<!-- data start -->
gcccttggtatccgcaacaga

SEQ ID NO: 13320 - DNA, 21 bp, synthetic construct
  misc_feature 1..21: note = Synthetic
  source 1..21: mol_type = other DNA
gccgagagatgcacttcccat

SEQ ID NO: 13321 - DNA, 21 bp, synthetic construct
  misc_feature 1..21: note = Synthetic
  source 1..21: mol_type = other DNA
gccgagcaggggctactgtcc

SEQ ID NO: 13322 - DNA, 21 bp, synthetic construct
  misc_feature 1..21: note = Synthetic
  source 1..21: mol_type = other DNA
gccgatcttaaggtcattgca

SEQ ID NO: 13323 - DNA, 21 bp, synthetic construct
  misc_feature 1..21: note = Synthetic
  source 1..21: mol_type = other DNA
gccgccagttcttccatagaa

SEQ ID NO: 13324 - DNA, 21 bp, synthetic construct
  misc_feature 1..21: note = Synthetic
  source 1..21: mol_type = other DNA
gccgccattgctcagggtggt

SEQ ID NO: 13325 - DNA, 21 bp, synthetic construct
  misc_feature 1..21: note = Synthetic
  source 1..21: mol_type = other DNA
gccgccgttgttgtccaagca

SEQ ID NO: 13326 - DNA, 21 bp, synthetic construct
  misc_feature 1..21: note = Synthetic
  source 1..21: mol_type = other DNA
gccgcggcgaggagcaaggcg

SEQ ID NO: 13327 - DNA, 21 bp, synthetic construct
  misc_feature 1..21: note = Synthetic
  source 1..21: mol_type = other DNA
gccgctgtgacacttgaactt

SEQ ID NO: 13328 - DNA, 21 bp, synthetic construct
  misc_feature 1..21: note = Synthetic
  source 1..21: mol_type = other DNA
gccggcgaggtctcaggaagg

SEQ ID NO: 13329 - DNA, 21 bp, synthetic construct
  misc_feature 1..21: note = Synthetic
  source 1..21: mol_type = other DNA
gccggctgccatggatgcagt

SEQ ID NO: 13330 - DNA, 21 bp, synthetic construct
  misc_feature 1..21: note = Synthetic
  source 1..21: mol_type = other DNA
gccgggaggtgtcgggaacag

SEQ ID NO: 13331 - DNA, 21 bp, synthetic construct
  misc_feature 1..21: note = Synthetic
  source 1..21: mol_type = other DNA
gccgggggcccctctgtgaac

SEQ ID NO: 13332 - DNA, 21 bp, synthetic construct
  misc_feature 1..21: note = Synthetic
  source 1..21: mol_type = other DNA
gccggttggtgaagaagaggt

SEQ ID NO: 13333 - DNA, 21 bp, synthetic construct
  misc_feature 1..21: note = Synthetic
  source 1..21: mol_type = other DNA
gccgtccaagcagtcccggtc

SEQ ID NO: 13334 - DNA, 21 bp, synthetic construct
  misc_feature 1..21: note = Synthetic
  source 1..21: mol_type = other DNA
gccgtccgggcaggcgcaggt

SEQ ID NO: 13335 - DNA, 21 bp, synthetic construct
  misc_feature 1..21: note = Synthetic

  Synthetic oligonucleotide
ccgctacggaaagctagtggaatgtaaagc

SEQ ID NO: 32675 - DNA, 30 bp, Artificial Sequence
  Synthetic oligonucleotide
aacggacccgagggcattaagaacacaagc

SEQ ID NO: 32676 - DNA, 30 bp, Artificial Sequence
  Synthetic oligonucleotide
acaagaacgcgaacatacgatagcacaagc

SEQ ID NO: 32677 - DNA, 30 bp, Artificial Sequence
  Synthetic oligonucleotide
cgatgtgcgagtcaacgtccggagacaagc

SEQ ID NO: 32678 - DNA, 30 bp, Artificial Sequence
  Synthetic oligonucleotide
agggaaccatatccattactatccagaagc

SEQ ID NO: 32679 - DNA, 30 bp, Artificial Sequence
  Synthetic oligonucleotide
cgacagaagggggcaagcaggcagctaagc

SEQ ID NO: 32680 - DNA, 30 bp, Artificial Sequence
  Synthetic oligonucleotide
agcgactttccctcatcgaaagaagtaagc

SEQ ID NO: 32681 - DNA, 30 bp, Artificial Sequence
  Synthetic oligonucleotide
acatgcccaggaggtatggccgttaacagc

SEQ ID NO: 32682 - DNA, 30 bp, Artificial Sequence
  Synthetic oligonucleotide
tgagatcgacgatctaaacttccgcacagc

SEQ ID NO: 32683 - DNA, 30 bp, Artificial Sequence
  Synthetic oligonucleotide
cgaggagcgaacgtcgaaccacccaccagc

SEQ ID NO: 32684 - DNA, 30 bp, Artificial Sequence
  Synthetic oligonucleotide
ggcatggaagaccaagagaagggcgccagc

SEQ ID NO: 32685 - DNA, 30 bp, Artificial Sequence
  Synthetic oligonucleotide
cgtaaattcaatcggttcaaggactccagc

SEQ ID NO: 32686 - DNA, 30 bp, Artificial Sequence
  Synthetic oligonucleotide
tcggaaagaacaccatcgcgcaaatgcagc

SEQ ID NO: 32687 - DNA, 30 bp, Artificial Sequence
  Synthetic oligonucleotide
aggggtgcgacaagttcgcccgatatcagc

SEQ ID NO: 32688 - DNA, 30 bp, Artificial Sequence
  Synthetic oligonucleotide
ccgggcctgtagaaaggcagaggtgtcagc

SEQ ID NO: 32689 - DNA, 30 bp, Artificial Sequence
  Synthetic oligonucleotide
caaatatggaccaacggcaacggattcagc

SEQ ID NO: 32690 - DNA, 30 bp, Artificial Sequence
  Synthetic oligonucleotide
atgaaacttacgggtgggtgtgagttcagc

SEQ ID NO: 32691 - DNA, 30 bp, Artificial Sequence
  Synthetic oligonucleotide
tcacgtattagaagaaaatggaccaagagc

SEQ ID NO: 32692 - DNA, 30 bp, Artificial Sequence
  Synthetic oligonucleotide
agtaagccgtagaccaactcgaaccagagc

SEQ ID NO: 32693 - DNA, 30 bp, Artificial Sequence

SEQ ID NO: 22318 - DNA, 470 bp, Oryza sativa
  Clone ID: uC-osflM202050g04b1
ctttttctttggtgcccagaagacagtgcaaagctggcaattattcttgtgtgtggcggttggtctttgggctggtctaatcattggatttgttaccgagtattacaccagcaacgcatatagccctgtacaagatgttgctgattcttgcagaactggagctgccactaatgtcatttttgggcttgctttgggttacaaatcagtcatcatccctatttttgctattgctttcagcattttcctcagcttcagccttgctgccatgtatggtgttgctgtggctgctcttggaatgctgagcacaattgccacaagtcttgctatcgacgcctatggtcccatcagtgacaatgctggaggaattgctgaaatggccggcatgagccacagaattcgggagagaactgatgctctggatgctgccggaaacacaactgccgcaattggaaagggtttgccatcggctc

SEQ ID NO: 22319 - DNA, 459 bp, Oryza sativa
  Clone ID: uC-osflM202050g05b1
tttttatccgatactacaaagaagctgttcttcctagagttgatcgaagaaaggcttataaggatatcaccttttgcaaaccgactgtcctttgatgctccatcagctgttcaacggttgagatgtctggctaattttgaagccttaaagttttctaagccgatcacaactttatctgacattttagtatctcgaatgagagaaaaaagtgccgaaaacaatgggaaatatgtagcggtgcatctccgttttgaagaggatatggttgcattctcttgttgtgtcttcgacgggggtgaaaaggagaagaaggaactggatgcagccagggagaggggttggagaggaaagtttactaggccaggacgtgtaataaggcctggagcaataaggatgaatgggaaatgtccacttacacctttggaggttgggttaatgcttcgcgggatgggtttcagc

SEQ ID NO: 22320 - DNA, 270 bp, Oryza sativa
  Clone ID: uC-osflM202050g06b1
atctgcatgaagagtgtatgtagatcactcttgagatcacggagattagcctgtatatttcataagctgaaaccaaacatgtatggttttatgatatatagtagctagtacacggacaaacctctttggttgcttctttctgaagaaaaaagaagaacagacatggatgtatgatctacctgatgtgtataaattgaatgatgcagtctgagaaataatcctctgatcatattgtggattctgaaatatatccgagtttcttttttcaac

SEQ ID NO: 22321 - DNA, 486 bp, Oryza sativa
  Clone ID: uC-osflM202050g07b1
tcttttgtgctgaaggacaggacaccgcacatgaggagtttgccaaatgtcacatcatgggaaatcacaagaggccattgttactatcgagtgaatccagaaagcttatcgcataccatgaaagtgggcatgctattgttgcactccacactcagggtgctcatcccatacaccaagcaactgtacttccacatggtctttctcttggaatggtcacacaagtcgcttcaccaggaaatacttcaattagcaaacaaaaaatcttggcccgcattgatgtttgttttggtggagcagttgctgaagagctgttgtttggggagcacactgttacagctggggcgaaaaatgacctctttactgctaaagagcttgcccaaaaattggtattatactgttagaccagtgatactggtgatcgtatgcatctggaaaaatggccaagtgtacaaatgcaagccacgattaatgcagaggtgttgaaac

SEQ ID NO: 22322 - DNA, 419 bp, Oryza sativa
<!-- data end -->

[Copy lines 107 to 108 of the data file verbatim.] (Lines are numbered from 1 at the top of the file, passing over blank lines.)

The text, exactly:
ccgggcctgtagaaaggcagaggtgtcagc

SEQ ID NO: 32689 - DNA, 30 bp, Artificial Sequence